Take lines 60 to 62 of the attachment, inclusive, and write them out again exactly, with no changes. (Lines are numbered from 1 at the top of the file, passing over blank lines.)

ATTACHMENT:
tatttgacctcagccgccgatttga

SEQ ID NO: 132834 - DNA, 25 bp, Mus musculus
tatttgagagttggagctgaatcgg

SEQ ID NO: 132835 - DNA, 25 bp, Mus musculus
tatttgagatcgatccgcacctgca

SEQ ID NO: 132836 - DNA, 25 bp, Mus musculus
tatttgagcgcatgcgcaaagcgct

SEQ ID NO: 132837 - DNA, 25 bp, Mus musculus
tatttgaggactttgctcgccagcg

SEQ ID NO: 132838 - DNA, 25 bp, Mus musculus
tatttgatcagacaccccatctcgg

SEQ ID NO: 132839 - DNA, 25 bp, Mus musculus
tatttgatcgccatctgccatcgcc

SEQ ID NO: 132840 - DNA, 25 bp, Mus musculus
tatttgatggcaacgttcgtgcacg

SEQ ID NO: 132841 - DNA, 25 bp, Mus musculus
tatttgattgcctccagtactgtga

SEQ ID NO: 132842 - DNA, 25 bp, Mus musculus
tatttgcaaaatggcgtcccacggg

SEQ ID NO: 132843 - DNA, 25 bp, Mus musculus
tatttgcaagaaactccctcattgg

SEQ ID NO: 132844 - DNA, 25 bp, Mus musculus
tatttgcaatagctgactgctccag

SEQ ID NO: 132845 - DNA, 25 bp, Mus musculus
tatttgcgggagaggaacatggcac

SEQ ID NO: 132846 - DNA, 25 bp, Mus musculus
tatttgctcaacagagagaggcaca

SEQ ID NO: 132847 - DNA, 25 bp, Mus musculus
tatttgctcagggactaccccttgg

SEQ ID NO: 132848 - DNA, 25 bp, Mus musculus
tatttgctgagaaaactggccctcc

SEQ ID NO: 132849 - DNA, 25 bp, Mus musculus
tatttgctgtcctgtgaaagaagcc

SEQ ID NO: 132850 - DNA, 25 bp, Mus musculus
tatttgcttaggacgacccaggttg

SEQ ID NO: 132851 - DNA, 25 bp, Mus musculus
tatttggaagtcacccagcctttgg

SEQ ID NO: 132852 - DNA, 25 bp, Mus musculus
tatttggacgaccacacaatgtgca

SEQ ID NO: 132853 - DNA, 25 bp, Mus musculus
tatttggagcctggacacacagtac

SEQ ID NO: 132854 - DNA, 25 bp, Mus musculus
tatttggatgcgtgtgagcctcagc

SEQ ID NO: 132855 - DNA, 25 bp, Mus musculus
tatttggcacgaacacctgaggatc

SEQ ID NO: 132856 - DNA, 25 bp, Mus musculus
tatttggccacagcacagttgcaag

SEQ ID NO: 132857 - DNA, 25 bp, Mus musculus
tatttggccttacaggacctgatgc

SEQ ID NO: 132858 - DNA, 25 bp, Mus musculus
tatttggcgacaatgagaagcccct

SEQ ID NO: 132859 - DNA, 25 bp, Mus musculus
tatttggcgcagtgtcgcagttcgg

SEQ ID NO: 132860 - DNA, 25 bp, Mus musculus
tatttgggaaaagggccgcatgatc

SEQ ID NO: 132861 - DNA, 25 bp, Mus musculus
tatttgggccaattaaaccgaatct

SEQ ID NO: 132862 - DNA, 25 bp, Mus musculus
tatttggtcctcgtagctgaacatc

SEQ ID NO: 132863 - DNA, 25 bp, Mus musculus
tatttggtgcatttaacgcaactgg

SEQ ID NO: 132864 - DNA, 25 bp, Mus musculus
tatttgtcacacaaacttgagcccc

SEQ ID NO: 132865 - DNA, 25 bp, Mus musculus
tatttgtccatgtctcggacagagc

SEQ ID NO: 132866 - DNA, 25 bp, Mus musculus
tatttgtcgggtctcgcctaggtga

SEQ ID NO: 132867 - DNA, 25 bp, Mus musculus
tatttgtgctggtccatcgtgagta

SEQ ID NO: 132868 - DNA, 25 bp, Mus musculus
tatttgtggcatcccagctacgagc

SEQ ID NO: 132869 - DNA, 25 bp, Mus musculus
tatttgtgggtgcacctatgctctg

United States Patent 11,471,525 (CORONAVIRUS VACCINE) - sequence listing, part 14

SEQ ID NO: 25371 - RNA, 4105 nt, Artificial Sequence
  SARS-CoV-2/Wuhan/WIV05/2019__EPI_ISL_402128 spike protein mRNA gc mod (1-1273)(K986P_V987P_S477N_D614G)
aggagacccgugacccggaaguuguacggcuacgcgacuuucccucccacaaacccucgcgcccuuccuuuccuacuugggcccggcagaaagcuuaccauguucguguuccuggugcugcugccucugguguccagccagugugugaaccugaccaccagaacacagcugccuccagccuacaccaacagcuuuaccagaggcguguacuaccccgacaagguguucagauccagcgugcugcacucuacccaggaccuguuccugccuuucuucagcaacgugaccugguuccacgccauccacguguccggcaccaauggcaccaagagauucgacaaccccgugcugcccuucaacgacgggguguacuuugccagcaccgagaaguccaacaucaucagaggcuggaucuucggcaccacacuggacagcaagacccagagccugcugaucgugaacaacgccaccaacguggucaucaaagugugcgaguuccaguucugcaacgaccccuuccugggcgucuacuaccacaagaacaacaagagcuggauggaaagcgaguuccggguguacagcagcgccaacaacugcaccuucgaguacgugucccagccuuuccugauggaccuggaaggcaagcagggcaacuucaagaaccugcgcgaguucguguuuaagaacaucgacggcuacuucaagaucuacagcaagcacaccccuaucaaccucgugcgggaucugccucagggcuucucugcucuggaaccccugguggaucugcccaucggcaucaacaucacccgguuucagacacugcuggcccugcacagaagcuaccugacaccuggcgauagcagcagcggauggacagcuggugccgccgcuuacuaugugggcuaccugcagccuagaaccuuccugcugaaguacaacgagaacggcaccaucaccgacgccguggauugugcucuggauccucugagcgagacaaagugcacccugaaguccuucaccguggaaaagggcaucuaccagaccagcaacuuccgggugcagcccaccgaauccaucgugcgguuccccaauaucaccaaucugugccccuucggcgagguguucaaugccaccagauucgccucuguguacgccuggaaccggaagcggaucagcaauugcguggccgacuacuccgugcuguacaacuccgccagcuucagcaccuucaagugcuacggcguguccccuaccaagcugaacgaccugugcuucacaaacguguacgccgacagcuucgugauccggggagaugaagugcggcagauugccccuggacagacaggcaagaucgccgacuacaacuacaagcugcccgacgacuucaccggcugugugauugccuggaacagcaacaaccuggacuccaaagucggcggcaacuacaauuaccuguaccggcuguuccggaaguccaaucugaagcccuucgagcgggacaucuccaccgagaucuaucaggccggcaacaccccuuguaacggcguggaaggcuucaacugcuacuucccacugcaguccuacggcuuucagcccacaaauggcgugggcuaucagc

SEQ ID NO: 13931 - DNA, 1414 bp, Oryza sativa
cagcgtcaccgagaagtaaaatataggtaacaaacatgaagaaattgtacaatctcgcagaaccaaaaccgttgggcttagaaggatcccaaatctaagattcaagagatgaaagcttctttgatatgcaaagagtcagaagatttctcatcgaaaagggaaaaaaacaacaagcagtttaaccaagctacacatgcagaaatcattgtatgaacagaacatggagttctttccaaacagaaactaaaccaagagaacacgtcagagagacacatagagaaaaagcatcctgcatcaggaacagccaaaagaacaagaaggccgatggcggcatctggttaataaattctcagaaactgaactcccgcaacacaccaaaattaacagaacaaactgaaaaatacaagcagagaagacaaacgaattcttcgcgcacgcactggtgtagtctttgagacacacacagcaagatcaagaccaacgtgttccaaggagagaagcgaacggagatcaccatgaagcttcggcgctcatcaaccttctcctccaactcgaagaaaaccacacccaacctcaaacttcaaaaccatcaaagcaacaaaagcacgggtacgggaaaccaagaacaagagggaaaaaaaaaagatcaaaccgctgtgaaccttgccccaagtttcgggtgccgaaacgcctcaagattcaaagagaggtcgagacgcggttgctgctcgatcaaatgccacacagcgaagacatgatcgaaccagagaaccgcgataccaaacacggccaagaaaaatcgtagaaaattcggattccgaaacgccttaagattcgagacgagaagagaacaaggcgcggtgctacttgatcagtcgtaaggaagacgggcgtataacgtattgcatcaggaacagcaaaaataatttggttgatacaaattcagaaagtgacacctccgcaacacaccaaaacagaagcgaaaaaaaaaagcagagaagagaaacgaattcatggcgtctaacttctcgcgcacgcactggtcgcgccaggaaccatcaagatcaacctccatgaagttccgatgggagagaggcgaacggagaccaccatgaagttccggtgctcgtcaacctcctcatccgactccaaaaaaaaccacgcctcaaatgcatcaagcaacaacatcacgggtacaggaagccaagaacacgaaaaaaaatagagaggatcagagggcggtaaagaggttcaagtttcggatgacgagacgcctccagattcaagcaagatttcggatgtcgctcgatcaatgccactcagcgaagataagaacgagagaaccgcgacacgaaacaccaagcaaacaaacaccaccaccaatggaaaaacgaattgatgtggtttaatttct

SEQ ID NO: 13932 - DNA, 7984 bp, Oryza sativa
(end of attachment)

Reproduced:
SEQ ID NO: 132863 - DNA, 25 bp, Mus musculus
tatttggtgcatttaacgcaactgg

SEQ ID NO: 132864 - DNA, 25 bp, Mus musculus